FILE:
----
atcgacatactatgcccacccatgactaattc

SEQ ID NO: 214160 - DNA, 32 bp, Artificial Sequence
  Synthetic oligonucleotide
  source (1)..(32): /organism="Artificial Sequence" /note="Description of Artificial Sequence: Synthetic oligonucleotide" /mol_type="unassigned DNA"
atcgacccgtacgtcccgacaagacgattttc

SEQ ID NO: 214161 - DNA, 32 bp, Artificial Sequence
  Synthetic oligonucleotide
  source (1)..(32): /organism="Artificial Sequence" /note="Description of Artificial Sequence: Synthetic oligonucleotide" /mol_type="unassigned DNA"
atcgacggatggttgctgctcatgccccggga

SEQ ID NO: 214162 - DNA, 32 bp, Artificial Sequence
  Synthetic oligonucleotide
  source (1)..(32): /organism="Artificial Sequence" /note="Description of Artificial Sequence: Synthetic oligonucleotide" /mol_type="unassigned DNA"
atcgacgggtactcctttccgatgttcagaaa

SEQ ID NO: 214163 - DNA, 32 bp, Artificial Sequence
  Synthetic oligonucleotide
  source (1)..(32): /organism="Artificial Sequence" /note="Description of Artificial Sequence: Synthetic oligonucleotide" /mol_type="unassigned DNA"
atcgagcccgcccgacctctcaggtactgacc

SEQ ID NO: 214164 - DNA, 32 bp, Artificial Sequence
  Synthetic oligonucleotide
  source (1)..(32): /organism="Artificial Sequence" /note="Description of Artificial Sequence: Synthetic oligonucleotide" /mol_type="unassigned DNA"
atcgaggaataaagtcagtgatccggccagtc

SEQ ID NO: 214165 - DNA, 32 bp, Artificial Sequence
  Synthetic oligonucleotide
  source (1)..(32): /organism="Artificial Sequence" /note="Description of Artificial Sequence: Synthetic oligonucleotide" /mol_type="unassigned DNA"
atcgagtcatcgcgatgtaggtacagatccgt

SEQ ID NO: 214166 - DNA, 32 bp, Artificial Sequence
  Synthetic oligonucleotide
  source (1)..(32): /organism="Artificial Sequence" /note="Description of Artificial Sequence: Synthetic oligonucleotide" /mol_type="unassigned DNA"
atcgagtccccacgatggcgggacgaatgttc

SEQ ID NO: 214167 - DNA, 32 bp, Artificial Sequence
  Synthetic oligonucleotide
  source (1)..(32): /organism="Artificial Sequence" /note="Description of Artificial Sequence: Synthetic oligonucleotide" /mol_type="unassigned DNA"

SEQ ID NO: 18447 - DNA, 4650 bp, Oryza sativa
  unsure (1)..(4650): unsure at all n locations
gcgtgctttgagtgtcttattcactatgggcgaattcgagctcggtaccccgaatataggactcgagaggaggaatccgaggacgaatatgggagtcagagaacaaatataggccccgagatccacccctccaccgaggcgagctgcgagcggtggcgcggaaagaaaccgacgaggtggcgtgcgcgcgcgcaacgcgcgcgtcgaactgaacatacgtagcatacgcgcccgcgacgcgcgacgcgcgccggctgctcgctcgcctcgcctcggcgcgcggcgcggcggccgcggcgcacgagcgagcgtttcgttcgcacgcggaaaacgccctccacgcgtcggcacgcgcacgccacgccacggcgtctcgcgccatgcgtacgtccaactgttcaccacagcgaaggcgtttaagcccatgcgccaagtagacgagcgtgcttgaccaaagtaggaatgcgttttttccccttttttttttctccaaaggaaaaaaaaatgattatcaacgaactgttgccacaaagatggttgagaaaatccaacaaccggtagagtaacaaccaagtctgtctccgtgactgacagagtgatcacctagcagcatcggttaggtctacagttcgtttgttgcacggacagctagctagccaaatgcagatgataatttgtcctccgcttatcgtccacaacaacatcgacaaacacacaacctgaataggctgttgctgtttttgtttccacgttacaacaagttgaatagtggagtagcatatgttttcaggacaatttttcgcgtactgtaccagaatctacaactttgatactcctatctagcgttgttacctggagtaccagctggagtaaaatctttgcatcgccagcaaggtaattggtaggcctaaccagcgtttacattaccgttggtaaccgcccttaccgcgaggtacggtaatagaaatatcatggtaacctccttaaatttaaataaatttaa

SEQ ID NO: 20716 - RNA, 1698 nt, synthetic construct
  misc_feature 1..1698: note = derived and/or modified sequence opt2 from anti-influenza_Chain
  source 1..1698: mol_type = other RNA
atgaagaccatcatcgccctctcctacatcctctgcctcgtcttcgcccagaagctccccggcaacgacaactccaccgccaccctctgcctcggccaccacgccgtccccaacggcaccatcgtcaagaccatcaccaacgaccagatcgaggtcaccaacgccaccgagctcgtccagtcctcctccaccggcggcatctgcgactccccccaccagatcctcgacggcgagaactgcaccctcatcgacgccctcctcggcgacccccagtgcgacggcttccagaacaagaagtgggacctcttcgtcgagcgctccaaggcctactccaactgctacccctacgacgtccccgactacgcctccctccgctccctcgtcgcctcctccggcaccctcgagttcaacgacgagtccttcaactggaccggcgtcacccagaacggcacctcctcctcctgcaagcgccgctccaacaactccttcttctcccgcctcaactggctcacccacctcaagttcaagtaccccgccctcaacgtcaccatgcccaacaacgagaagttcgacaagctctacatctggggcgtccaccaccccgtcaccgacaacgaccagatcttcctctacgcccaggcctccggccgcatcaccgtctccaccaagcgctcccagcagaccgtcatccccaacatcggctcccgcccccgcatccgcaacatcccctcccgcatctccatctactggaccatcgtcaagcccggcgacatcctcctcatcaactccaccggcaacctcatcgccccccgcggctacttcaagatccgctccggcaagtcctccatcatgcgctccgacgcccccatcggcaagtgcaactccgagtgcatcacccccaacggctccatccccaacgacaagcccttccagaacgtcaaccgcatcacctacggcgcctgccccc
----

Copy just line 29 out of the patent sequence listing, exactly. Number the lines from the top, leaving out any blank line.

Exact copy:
atcgagtccccacgatggcgggacgaatgttc